GABAergic Mechanisms in Bovine Adrenal Chromaffin Cells: Their Role in the Regulation of Catecholamine Secretion

  • M. J. Oset-Gasque
  • E. Castro
  • M. P. Gonzalez
Conference paper


γ-Aminobutyric acid (GABA), the major inhibitory neurotransmitter in the central nervous system (CNS), is also present in several peripheral tissues, where it could have a functional role in the regulation of muscle contraction or hormonal secretion (for a review see [7]).


Chromaffin Cell Adrenal Medulla GABAB Receptor Gaba Release Catecholamine Secretion 
These keywords were added by machine and not by the authors. This process is experimental and the keywords may be updated as the learning algorithm improves.


Unable to display preview. Download preview PDF.

Unable to display preview. Download preview PDF.


  1. 1.
    Albuquerque EX, Deshpande SS, Aravaca Y, Alkondon M, Daly JW (1986) A possible involvement of cyclic AMP in the expression of desensitization of the nicotinic acetylcholine receptor. FEBS Lett 199: 113–120PubMedCrossRefGoogle Scholar
  2. 2.
    Allan AM, Harris RA (1986) γ-Aminobutyric acid agonists and antagonists alter chloride flux across brain membranes. Mol Pharmacol 29: 497–505PubMedGoogle Scholar
  3. 3.
    Bormann J, Clapham DE (1985) γ-Aminobutryric acid receptor Channels in adrenal chromaffin cells: a patch-clamp study. Proc Natl Acad Sei USA 82: 2168–2172CrossRefGoogle Scholar
  4. 4.
    Castro E, Oset-Gasque MJ, Cañadas S, Gimenéz A, González MP (1988) GABAA sites in bovine adrenal medulla membranes. J Neurosci Res 20: 241–245PubMedCrossRefGoogle Scholar
  5. 5.
    Castro E, Oset-Gasque MJ, Gonzalez MP (1989) GABAA and GABAB receptors are fiinctionally active in the regulation of catecholamine secretion by bovine chromaffin cells.J Neurosci Res 23: 290–296PubMedCrossRefGoogle Scholar
  6. 6.
    Douglas WW (1968) Stimulus-secretion coupling: the concept and clues from chromaffin and other cells. Br J Pharmacol 34: 451–474PubMedGoogle Scholar
  7. 7.
    Erdö SL (1985) Peripheral GABAergic mechanisms. Trends Pharmacol Sei 6: 205–208CrossRefGoogle Scholar
  8. 8.
    Fernández Ramil JM, Sánchez-Prieto J, González MP (1982) Presence of glutamate decarboxylase in bovine adrenal medullary cells. Rev Esp Fisiol 38: 91–96PubMedGoogle Scholar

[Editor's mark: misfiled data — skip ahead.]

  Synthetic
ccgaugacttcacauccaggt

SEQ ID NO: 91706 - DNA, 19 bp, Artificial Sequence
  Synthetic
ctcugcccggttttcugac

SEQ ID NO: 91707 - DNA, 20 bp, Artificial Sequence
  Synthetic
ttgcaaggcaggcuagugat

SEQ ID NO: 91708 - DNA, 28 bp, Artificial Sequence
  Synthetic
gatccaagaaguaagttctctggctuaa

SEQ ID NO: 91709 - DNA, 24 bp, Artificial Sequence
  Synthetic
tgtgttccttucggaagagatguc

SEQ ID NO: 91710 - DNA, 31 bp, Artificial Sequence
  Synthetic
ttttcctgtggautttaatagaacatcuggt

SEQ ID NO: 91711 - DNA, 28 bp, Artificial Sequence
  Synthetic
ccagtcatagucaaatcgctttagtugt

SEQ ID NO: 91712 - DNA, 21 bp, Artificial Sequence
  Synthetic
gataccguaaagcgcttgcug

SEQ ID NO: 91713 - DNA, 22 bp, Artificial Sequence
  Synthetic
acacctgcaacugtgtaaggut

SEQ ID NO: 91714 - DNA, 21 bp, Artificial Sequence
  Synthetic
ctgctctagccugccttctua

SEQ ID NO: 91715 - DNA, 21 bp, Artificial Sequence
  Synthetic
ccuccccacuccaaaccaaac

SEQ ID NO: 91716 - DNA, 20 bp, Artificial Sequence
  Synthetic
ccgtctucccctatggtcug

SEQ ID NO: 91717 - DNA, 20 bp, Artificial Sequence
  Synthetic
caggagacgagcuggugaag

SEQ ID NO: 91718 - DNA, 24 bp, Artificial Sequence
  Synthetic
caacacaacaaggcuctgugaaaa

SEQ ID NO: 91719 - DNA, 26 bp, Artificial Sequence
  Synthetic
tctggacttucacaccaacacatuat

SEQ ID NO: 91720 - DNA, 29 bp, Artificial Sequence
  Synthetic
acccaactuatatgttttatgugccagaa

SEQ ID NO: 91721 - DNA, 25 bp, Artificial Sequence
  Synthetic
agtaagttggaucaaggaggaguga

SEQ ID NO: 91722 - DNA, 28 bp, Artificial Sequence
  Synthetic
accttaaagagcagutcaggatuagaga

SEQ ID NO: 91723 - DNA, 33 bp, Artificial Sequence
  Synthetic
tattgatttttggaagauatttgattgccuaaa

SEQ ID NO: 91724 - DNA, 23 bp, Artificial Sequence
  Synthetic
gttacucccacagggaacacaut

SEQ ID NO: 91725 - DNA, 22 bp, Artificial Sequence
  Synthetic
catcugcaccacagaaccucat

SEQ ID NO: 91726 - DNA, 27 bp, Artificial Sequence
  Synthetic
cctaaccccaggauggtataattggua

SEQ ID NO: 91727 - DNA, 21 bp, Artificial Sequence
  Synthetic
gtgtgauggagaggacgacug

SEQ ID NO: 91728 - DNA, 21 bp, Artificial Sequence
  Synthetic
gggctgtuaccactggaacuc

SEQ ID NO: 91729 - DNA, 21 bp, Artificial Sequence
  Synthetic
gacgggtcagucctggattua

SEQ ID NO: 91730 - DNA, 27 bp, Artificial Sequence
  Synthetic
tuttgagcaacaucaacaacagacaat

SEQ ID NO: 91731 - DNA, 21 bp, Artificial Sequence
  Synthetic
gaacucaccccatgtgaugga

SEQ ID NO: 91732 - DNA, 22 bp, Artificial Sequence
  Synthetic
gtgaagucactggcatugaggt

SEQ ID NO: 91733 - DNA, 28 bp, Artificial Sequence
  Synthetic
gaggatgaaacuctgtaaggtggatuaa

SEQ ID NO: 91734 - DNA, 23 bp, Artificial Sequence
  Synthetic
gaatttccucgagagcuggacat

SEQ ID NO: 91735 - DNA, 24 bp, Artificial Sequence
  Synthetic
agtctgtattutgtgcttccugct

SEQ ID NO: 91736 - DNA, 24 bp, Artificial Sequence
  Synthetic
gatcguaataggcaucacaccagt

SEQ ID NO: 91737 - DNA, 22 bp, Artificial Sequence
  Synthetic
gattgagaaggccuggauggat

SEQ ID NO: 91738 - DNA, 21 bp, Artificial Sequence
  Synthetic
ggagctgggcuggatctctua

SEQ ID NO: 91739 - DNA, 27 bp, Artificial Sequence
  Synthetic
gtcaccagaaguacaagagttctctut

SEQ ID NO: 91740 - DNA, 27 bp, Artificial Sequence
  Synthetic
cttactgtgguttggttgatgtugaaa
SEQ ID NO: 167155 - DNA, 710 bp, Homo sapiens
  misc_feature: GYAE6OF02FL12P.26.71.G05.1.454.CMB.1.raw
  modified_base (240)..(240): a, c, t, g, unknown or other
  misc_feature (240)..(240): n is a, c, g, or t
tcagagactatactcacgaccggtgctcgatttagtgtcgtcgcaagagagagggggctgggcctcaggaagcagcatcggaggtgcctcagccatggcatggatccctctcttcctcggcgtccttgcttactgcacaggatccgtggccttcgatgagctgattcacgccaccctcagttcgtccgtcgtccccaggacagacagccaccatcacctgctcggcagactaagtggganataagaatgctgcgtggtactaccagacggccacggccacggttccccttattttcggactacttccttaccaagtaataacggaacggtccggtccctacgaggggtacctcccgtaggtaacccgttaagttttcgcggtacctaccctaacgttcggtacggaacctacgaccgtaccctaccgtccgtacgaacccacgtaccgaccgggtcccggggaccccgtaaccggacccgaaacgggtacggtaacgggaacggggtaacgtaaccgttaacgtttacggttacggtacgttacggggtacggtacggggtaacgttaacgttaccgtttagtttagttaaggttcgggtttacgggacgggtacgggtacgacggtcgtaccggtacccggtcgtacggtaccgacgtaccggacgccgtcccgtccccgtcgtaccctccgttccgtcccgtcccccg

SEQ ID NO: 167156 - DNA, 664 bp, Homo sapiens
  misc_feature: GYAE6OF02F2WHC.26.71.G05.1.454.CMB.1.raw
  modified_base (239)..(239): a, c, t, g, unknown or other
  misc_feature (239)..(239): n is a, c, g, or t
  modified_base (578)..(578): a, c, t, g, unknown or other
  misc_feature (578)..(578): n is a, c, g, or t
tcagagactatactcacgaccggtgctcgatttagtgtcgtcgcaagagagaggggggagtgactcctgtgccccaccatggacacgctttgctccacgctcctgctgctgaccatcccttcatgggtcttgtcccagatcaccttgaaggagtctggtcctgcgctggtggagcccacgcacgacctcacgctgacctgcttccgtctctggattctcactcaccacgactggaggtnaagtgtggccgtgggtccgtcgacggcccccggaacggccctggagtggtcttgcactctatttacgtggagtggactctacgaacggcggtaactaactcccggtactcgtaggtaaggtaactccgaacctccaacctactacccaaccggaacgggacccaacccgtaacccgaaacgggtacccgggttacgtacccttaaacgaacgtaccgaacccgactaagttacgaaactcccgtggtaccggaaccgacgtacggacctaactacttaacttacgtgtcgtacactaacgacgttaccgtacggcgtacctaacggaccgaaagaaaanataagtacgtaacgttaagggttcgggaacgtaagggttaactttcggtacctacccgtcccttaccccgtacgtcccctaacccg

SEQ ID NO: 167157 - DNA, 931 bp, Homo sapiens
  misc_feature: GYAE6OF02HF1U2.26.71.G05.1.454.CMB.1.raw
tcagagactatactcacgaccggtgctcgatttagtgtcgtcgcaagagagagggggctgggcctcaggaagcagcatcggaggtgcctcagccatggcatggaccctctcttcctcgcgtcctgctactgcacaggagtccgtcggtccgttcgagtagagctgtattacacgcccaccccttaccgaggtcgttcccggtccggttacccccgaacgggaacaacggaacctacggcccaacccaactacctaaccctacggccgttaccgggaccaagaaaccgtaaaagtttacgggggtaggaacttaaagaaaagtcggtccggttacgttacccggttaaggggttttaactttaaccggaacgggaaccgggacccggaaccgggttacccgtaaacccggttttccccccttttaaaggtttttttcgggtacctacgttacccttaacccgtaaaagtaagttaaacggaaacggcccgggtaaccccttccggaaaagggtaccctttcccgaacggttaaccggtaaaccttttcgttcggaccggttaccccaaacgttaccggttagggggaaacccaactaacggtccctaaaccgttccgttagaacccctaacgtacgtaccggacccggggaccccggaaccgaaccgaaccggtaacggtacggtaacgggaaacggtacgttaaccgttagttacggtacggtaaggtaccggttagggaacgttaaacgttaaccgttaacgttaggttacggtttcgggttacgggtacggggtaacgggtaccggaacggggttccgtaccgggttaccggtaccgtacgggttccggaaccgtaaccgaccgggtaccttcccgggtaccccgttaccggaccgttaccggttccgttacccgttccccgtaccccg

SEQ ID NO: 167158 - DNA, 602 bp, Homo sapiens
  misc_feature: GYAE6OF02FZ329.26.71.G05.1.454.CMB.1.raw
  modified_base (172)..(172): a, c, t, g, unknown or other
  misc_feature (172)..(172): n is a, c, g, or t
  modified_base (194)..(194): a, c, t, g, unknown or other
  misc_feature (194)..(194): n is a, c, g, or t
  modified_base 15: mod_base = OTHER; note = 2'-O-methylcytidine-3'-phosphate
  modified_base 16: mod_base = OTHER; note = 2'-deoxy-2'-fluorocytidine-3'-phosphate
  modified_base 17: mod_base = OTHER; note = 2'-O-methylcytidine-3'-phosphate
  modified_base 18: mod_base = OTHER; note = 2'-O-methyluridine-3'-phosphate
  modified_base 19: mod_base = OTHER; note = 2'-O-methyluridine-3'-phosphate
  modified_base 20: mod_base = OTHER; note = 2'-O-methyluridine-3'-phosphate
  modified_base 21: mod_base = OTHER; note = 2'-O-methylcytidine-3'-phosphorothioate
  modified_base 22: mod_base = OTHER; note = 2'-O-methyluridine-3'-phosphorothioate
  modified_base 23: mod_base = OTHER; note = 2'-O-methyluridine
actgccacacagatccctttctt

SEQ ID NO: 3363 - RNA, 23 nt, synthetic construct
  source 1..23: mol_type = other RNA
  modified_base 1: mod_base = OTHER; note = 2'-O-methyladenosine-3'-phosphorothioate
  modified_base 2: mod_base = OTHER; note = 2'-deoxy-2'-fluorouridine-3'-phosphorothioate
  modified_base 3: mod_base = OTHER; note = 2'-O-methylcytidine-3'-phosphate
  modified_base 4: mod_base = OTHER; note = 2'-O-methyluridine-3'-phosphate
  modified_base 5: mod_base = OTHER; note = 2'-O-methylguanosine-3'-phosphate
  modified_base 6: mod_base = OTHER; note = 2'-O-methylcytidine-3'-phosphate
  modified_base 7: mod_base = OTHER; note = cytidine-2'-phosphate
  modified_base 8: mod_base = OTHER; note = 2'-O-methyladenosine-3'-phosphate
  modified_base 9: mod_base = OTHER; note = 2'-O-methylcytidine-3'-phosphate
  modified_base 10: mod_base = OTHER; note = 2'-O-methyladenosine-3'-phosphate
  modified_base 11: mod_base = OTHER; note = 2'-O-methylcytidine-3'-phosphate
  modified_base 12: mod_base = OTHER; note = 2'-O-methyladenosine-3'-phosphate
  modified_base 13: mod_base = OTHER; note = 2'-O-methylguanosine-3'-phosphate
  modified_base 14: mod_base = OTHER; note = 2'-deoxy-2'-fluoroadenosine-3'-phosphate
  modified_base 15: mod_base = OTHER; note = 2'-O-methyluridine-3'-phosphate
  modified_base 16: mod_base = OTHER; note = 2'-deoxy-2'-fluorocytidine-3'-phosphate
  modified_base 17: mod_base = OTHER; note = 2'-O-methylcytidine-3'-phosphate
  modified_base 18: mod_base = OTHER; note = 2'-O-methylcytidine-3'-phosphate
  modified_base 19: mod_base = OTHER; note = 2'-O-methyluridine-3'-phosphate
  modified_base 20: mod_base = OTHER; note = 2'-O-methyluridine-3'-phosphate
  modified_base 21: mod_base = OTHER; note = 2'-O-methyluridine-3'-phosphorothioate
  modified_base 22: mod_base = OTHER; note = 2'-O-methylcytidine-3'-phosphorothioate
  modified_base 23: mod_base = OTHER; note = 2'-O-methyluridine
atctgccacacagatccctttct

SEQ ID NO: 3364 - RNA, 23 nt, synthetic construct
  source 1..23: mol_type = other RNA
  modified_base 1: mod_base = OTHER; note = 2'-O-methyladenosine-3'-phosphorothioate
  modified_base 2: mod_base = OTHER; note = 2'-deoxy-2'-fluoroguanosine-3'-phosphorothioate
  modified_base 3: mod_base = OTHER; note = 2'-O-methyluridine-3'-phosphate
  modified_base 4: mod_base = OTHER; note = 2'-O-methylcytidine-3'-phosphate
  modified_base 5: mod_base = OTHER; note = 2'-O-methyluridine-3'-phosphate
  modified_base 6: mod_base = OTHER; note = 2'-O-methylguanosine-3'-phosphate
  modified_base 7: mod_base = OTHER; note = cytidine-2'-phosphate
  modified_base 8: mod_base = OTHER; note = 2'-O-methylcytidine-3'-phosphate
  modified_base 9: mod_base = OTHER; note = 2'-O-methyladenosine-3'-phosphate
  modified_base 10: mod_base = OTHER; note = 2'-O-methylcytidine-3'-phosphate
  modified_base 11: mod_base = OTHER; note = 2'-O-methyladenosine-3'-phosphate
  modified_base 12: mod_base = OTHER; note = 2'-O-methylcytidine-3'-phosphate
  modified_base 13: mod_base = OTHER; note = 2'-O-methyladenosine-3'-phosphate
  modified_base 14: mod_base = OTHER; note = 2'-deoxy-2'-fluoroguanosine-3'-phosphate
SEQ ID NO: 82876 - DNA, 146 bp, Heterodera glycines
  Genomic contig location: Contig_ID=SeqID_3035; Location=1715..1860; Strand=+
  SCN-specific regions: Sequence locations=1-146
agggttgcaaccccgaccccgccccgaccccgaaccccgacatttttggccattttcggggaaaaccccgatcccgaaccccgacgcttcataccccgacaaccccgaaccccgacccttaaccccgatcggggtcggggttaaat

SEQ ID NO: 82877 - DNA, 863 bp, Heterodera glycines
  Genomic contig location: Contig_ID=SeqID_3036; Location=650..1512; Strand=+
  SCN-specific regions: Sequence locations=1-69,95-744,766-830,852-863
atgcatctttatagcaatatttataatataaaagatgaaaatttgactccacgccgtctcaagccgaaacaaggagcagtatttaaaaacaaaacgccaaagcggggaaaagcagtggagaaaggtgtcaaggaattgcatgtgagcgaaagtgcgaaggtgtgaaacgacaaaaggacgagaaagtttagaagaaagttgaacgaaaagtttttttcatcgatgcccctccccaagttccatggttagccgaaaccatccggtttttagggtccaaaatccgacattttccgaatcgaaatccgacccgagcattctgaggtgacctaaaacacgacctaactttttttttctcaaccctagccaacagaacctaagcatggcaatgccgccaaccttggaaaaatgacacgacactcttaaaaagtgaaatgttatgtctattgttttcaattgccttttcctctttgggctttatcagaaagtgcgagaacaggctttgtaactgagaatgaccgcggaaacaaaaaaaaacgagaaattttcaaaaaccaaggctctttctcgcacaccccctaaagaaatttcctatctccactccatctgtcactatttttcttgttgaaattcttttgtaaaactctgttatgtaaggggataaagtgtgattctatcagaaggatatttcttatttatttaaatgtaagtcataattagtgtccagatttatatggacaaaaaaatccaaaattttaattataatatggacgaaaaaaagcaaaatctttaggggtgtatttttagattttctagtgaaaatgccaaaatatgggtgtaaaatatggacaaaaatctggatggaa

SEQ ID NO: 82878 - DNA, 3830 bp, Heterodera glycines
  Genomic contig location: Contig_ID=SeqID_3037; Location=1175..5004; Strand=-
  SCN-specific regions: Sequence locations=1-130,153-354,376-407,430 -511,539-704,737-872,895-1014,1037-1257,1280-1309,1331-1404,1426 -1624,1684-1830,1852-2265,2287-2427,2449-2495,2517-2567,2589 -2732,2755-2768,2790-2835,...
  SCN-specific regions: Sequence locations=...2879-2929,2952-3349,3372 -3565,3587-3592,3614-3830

9. 9.
    Fernández Ramil JM, Sánchez-Prieto J, Cañadas S, González MP (1983) GABA-T in bovine medulla cells: kinetic properties and comparisson with GABA-T from other tissues. Rev Esp Fisiol 39: 299–304PubMedGoogle Scholar
  10. 10.
    González MP, Oset-Gasque MJ, Giménez Solves A, Cañadas S (1987) Succinic semialdehyde dehydrogenase activity in bovine adrenal medulla and blood platelets: a comparative study with the brain enzyme. Comp Biochem Physiol 86B: 489–492Google Scholar
  11. 11.
    Guidotti A, Hanbauer I (1986)Participation of GABA/benzodiazepine receptor system in the adrenal chromaffin cell funetion. In: Racagni G, Donoso AO. (eds) GABA and endocrine funetion. Raven, New York, pp 165–172Google Scholar
  12. 12.
    Harrison NL, Lambert NA (1989) Modification of GABAA receptor funetion by an analog of cyciic AMP. Neurosci Lett 105: 137–142PubMedCrossRefGoogle Scholar
  13. 13.
    Kataoka Y, Gutman Y, Guidotti A, Panula P, Wroblewski J, Cosenza-Murphy D, Wu J, Costa E (1984) Intrinsic GABAergic system of adrenal chromaffin cells. Proc Natl Acad Sei USA 81: 3218–3222CrossRefGoogle Scholar
  14. 14.
    Kataoka Y, Fujimoto M, Alho H, Guidotti A, Geffard M, Kelly GD, Hanbauer I (1986) Intrinsic gamma aminobutyric acid receptors modulate the release of catecholamines from canine adrenal gland in situ. J Pharmacol Exp Ther 239: 584–590PubMedGoogle Scholar
  15. 15.
    Kataoka Y, Ohara-Imaizumi M, Veki S, Kumakura K (1988) Stimulatory action of yaminobutyric acid on catecholamine secretion from bovine adrenal chromaffin cells measured by a real-time monitoring system. J Neurochem 50: 1765–1768PubMedCrossRefGoogle Scholar
  16. 16.
    Kitayama S, Morita K, Dohi T, Tsujimoto A (1984) The nature of the stimulatory action of γ-aminobutyric acid in the isolated perfused dog adrenals. Naunyn Schmiedebergs Arch Pharmacol. 326: 106–110PubMedCrossRefGoogle Scholar
  17. 17.